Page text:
Further to the priest who complained about Easter Eggs in the shops at New Year.
And people who complain about Christmas products in September.
And anybody who ever remarks that hot cross buns are on sale all year round (to be fair, this blog deals with such a thing quite sensibly)
You do not own the calendar. If you want to eat only mint leaves in Lent, that's up to you. If you don't want to buy tinsel until Advent, then schedule your shopping in Advent. But, if you do this in an ostentatious manner, don't let me ever catch you singing a Christmas Carol before Christmas Eve. You will be satirised forever. I promise. You can decide how you want to arrange your own shopping schedule. You can arrange your own services. But you do not own the calendar. If other consenting adults want to carry out transactions of seasonal products outside when you personally consider them appropriate, that is tough.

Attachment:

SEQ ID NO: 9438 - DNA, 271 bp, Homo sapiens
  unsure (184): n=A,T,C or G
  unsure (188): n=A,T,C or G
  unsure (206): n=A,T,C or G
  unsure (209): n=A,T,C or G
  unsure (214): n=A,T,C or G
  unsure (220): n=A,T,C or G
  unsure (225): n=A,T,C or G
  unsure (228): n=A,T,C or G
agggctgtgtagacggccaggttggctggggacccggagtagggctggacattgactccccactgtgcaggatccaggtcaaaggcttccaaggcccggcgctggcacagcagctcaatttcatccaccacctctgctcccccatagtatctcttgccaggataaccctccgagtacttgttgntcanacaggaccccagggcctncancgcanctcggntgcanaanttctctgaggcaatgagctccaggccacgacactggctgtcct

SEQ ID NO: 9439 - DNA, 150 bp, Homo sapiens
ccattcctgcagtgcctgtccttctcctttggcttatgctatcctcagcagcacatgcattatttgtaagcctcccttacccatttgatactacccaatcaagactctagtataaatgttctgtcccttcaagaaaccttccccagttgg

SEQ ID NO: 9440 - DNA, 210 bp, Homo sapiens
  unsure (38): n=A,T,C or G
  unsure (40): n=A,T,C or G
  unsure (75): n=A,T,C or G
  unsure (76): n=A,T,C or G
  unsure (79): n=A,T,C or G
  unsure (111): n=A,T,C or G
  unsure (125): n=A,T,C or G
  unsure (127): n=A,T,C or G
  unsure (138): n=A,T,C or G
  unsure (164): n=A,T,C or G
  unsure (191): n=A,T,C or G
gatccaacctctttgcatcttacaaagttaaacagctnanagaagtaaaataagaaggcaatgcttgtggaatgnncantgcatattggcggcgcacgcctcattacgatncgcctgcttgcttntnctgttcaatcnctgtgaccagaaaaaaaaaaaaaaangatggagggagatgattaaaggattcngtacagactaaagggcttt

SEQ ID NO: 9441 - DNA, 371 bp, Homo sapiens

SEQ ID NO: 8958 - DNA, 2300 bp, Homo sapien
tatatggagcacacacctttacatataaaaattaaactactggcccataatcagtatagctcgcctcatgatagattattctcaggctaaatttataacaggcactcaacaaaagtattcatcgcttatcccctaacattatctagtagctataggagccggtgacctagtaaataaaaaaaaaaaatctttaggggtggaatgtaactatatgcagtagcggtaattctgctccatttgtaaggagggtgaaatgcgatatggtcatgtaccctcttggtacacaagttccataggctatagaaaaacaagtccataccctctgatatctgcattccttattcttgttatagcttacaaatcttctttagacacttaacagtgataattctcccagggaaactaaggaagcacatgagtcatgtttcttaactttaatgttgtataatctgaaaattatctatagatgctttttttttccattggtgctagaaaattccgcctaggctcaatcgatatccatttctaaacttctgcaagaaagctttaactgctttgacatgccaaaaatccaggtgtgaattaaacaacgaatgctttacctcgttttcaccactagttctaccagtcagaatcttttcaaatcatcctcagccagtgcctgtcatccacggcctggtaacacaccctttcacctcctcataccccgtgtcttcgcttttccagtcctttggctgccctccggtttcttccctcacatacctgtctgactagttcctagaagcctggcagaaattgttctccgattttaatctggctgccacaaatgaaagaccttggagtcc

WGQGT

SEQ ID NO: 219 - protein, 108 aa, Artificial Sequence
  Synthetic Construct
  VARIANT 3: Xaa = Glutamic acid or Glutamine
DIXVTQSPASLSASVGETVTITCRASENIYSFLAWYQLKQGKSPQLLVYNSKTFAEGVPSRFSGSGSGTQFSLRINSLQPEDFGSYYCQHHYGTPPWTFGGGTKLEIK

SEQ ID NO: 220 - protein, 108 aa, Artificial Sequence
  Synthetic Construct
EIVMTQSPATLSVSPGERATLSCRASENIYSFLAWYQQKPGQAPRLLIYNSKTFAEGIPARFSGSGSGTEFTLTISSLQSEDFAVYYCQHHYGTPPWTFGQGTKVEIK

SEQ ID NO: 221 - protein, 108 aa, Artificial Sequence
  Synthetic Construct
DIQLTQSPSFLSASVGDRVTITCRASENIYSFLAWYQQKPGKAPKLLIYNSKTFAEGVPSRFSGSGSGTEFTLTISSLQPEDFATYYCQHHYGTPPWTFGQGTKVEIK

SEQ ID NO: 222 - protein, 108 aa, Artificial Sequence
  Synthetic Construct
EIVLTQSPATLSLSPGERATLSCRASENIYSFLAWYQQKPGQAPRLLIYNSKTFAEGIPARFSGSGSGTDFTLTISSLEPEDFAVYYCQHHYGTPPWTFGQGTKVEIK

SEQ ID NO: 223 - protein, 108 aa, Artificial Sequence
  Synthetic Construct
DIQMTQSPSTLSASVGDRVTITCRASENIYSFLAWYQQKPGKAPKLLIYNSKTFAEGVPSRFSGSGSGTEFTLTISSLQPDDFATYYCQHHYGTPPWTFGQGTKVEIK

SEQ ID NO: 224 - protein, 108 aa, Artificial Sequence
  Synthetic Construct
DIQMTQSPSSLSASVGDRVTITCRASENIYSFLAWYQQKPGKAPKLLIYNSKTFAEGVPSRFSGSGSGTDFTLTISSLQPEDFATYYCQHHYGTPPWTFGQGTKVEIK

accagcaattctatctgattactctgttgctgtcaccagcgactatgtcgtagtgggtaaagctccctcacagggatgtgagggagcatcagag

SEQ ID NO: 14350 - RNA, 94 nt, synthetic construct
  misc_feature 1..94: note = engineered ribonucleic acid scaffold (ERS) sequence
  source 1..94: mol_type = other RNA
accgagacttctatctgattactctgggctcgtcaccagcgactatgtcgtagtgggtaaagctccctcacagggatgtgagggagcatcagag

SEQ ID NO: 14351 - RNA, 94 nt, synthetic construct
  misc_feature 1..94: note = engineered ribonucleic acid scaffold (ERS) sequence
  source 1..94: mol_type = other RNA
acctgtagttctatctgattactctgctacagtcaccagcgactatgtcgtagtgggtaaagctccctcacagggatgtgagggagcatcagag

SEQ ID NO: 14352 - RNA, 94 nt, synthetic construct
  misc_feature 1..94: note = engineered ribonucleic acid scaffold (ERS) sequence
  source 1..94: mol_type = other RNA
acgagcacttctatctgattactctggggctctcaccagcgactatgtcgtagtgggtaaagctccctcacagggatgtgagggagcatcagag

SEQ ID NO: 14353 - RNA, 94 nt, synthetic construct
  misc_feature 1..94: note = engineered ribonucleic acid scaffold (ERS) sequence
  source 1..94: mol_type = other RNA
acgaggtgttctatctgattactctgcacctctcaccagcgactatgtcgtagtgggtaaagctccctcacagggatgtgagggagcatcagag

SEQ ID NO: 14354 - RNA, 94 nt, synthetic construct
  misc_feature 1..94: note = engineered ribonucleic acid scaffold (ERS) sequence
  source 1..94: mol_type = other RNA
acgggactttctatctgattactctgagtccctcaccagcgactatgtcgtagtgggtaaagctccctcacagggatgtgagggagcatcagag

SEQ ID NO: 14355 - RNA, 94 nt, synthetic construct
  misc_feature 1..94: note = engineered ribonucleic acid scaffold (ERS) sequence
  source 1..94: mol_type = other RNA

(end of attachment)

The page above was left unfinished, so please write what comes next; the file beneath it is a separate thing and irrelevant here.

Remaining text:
The religious person who says that it's outrageous there are Simnel Cakes sold in July (I've no idea, I just made this one up...) is saying that, on the basis of their religious beliefs, they have a right to tell other people off for their shopping habits. No they don't. I'm pretty sure Christendom has gone, and I'm frankly quite pleased about it.
You can manage your own lives. That's fine. You can eat seasonal foods at your own seasonal times. That's very wise. You are marking rhythm and balance in your own life, church, spiritual activities. This is sensible and healthy. But - regardless of where we get the basis for it from - you do not own the calendar.